Here's my old current stuff from July.
I'm fascinated by expressions and where they come from. As a child, you
learn the expressions as if they're one word. Like "ifs, ands, or buts"
to my young ears sounded like, "iffenzorebutts".
Some Common Expressions and Their Source
- "The Whole Nine Yards" -
- There are a lot of possible sources for this one. The one that I like the best
refers to the length of the belt on a machine gun. If you pumped all of the
bullets in a machine gun belt into a target, that would be nine yards
(twenty-seven feet) of bullets.
That's a lot. I can imagine this referring to anything that used
up everything you've got or even to overkill.
No matter how partial I am to this one, there are downsides.
1 - The phrase did not creep into the lexicon until the mid-1960s,
so thinking it's related to anything earlier than that (like WWII) is incorrect.
2 - Which machine gun belt? I'm trying to track that one down.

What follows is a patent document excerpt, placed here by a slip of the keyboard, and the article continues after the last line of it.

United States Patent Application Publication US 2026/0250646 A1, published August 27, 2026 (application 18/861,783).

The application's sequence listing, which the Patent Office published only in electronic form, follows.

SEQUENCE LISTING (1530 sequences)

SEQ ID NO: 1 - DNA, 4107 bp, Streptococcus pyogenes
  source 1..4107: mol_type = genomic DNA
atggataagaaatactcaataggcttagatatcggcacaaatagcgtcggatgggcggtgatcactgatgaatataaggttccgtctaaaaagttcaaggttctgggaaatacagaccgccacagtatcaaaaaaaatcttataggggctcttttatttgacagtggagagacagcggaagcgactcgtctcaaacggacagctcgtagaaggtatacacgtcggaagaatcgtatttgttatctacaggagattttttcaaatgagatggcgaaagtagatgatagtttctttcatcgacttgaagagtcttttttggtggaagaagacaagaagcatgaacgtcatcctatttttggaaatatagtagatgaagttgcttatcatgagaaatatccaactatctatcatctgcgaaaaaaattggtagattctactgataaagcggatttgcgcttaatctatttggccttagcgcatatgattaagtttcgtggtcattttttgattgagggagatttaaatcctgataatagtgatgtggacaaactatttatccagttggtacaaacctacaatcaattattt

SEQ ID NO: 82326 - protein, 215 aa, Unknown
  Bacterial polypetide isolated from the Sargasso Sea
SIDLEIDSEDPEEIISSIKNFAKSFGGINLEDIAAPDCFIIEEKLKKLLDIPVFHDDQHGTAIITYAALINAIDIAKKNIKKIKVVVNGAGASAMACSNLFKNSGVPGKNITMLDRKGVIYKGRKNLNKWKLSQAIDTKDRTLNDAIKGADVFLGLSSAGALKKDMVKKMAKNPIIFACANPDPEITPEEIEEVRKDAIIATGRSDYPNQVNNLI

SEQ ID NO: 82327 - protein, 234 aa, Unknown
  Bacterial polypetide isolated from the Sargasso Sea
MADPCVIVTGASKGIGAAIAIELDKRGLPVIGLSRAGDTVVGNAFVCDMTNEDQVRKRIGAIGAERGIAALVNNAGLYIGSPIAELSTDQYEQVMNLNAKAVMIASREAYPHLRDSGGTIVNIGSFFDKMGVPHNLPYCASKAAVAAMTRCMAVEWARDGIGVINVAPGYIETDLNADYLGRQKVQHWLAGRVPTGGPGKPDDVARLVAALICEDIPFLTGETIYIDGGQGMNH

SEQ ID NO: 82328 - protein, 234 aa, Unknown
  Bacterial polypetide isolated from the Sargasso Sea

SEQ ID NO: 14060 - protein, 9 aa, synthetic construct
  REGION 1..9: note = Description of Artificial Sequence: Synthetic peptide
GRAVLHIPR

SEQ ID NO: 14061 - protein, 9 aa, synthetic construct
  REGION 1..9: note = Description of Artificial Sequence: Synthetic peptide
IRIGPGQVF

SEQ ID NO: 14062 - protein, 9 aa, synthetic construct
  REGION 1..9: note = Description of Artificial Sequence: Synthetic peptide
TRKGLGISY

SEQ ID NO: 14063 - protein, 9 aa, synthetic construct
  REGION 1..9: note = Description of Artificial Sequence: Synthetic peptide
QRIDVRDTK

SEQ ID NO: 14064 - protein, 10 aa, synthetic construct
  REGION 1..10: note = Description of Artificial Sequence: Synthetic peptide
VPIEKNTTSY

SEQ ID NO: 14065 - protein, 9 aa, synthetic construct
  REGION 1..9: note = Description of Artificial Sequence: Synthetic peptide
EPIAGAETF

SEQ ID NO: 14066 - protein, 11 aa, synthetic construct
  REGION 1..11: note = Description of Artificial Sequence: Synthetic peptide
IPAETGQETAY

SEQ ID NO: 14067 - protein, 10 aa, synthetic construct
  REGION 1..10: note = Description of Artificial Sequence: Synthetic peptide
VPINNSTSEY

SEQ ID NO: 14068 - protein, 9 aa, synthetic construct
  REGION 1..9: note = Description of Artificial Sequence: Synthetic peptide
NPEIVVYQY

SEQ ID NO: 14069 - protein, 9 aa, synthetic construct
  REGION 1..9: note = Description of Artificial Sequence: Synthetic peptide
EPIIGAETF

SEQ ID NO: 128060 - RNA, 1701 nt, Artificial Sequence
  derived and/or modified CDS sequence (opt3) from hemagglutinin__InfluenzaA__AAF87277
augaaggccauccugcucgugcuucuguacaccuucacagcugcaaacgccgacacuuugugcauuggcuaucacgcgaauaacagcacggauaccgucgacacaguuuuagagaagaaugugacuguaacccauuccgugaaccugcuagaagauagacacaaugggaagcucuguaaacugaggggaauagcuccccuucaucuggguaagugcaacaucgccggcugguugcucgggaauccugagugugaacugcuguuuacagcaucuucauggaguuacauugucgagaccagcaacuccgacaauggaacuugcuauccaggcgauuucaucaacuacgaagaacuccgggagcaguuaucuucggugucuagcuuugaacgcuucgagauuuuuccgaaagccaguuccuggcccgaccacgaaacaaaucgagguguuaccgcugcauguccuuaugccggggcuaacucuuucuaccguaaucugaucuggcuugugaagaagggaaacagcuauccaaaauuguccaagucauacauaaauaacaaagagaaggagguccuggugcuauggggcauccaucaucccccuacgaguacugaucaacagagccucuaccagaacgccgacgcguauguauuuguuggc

It had to be something used in the Vietnam War.
- "86" -
- Long ago, in the 1800s, before the Mothers Against the Consitution (MAC)
got the vote and lived to restrict freedom and liberty, whisky was served
in quart bottles and the good stuff was 100 proof. When a bar ran out
of the good stuff, they went to second rate crap which was 86 proof.
So, when you "86" something, you flag it as being no longer
Rant Time! Then, with the coming of MAC and sin taxes, booze
was taxed on alcohol content. Bars paid a premium for 100 proof stuff
but the crap wasn't hit as hard. So, in order to make a profit, bars
started selling the 86 proof stuff as "top shelf".
Then came the idea of taxing alcohol based on bottle size. The
quart (one-quarter of a gallon) went to a fifth (one-fifth of a gallon)
in order to pay less sin tax. Then 86 proof was the cut-off for the
higher sin tax and booze went to 80 proof. Then fifths were taxed high,
so the bottle size went to 750 milliliter.
So now, instead of 100 proof distilled spirits being sold in
quart (32 oz.) bottles, we get 80 proof "stuff" sold in 750 ml
(25.4 oz.) bottles.